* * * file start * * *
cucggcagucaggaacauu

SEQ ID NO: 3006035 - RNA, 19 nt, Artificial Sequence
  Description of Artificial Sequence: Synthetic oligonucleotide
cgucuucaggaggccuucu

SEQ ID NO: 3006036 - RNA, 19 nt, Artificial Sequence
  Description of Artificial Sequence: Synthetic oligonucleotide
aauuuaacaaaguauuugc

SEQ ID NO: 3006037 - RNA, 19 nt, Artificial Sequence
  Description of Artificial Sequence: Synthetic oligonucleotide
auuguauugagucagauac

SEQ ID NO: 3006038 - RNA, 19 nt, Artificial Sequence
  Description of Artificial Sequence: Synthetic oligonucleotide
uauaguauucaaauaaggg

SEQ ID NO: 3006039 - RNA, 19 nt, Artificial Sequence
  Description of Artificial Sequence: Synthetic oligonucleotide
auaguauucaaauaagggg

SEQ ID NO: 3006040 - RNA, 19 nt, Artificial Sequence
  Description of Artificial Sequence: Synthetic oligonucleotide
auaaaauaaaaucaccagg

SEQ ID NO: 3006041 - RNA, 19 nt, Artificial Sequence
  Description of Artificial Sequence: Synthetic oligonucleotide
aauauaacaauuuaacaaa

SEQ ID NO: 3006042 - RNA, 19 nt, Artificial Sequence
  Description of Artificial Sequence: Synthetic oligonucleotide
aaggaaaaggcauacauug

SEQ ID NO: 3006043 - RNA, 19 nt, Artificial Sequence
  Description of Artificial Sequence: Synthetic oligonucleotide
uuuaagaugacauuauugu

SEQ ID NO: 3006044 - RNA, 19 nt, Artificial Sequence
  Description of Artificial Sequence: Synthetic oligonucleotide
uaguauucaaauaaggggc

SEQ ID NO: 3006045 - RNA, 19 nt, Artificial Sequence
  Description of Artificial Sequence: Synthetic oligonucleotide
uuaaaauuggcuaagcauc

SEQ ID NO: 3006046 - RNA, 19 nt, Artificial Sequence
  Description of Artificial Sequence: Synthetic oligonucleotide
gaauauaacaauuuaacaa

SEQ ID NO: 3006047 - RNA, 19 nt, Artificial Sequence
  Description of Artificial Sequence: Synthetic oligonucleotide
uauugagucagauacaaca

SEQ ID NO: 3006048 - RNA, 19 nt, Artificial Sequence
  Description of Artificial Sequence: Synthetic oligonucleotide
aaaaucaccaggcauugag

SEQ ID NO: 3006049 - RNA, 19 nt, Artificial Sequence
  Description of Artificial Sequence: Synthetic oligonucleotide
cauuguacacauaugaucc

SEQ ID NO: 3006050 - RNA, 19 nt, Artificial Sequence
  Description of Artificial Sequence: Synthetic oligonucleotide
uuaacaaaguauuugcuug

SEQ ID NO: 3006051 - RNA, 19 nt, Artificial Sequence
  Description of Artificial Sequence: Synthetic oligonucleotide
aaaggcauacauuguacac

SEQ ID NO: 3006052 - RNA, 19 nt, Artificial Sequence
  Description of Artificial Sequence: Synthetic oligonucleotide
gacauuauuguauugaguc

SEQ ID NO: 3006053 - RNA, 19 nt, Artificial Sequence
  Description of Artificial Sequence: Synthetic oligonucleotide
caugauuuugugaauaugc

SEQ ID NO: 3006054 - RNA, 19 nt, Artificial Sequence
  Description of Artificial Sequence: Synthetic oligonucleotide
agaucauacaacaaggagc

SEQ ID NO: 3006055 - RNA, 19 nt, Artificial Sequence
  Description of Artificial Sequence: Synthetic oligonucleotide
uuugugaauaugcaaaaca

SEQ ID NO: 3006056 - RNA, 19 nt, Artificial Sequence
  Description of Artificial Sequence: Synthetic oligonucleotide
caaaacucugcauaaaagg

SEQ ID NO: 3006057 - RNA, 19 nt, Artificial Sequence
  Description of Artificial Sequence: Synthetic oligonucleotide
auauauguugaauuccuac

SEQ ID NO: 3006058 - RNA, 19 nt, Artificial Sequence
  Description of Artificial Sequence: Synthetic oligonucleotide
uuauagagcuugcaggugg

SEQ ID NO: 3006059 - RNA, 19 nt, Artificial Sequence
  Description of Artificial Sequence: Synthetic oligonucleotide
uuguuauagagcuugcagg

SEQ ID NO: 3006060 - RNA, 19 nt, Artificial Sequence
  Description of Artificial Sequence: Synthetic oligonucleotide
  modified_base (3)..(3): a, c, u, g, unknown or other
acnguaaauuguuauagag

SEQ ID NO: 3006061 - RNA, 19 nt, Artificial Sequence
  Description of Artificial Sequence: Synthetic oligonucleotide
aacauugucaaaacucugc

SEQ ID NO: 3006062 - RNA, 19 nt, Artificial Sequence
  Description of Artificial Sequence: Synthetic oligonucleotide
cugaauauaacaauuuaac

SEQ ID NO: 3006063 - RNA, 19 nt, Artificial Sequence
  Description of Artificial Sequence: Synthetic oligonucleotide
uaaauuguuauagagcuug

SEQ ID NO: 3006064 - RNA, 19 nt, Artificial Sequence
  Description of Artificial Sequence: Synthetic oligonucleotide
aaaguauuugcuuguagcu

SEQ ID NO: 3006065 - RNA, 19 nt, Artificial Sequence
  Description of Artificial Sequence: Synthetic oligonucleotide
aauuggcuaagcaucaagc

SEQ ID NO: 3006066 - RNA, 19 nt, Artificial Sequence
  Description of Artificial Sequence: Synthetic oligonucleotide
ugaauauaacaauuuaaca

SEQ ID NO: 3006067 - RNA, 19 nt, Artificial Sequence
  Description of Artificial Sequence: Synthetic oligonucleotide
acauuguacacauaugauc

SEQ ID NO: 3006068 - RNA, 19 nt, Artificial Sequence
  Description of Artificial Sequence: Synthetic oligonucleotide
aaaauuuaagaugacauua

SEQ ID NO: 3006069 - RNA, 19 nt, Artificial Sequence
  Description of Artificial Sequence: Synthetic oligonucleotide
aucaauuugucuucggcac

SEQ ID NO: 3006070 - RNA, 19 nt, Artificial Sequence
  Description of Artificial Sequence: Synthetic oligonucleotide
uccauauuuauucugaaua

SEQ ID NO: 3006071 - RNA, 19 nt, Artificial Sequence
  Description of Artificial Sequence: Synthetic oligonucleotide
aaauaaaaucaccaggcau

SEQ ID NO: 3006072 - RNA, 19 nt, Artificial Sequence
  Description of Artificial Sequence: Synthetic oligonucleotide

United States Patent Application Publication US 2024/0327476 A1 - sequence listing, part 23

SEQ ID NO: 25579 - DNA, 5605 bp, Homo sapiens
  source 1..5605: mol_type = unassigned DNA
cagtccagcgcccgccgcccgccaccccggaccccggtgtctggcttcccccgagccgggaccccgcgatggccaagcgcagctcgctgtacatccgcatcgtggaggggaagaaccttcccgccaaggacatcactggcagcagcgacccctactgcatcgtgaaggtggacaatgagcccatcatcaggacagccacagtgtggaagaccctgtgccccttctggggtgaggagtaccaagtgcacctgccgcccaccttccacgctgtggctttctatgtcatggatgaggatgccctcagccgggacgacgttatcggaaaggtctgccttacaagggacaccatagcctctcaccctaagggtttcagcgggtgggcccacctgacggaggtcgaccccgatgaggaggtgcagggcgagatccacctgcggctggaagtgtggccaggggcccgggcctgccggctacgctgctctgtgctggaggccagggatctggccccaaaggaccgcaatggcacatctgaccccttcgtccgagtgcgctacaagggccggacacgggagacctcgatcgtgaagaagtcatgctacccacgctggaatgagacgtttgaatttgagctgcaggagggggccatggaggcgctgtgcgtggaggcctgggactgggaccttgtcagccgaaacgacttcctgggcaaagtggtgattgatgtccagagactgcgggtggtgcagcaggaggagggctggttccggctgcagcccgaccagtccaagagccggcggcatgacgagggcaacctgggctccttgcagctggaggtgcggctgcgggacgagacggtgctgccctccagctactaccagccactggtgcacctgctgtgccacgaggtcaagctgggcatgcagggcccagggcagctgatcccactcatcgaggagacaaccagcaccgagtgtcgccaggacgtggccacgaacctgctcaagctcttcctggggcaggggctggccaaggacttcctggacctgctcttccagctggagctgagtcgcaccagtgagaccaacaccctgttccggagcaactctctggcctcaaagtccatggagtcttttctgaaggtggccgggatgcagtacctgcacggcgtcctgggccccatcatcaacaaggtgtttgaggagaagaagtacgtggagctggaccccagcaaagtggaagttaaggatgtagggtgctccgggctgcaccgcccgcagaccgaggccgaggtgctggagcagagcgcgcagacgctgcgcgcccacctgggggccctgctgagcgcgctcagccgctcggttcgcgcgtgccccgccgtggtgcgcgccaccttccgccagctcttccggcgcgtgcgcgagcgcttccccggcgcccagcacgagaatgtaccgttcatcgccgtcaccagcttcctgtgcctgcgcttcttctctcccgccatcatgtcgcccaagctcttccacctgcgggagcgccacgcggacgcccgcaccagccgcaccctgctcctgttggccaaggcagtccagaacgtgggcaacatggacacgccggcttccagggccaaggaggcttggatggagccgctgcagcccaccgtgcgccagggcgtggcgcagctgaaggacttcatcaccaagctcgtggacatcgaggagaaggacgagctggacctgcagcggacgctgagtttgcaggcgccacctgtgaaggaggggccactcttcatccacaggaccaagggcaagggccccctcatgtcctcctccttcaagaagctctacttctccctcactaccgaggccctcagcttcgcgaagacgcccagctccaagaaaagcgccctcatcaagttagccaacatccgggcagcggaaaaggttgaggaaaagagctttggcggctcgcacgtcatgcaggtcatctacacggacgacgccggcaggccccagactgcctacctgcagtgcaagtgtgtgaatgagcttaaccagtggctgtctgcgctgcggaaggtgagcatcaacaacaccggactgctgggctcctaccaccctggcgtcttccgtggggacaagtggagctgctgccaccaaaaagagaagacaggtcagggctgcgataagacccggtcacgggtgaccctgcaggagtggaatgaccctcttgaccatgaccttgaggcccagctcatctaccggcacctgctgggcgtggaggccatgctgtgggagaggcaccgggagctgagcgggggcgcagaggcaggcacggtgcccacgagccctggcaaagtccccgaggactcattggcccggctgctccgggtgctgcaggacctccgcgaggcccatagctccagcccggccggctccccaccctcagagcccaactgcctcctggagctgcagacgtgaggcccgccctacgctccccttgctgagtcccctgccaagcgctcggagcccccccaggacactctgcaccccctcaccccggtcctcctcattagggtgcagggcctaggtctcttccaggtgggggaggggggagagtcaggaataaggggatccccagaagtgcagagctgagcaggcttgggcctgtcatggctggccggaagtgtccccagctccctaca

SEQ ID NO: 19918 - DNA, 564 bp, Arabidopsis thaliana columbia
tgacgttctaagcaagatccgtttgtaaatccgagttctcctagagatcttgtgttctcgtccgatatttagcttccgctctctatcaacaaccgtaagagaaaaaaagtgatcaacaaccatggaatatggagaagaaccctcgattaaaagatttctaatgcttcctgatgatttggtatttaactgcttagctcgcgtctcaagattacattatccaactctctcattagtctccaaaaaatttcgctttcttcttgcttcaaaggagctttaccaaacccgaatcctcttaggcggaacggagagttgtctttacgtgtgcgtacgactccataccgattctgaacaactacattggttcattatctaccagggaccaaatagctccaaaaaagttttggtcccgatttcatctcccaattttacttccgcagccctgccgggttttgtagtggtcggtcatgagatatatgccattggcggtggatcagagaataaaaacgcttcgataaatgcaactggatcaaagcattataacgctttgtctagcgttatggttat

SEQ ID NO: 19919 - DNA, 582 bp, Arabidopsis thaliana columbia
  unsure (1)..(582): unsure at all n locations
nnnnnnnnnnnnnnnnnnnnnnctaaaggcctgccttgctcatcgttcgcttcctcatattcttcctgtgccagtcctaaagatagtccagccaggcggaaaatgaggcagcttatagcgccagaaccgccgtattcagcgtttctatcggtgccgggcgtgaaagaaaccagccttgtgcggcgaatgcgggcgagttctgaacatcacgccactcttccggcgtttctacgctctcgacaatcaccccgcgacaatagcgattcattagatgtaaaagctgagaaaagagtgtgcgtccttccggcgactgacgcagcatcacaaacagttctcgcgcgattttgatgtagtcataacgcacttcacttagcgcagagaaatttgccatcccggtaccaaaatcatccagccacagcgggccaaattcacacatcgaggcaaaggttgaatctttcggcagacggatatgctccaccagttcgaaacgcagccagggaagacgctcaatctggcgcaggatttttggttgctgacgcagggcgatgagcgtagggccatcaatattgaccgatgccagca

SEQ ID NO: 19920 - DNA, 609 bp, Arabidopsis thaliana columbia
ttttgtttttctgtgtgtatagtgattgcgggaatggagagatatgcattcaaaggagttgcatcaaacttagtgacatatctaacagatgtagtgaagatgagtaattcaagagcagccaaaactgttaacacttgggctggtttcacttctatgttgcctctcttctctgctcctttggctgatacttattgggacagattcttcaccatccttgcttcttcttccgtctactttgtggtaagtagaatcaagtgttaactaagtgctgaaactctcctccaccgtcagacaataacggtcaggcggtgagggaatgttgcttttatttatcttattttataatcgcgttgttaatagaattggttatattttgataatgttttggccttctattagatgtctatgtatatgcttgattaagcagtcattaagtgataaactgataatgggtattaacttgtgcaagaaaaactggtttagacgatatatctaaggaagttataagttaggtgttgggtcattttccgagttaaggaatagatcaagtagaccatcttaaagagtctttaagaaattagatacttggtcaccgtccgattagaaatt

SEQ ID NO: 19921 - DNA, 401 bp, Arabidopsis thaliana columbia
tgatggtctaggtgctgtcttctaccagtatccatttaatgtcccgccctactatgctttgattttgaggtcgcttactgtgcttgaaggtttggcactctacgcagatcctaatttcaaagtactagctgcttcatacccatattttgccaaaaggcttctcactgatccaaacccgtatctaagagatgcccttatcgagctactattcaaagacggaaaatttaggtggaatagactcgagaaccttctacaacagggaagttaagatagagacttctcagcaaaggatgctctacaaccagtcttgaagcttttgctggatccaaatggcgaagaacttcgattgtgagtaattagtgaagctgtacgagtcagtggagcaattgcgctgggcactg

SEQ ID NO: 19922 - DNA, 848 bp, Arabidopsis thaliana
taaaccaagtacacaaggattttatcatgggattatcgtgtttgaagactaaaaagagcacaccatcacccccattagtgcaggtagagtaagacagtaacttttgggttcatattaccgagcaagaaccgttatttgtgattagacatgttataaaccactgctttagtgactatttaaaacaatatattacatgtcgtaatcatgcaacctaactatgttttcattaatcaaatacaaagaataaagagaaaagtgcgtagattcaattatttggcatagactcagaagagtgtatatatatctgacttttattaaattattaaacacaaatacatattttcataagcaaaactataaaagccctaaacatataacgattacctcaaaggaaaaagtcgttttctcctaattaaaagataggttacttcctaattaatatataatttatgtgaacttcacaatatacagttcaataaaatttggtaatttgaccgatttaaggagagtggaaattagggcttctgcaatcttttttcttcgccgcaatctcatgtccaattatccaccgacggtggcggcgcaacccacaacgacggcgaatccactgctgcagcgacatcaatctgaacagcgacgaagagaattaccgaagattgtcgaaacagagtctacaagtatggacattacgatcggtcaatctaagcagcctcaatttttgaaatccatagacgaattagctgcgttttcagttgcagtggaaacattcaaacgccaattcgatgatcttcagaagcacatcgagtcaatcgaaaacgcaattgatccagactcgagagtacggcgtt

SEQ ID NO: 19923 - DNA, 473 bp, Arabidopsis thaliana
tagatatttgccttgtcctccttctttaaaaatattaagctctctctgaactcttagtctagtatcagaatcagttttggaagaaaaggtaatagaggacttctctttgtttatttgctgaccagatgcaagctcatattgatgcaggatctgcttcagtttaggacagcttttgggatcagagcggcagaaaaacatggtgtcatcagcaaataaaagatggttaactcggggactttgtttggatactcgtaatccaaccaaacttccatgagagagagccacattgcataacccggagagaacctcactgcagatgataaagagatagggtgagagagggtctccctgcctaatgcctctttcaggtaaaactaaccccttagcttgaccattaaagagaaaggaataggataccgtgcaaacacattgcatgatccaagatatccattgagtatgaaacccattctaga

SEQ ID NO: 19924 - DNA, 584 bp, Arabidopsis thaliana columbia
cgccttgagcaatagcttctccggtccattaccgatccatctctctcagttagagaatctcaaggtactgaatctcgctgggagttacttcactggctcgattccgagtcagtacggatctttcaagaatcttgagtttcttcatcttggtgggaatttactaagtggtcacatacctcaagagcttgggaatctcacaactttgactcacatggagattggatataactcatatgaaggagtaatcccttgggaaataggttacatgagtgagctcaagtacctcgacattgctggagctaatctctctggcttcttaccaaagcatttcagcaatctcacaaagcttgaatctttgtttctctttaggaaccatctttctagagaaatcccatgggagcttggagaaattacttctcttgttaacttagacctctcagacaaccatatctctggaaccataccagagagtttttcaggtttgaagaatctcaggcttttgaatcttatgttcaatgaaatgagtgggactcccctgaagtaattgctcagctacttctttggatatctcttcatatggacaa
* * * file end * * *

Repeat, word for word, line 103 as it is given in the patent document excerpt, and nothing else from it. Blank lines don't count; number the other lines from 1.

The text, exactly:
  Description of Artificial Sequence: Synthetic oligonucleotide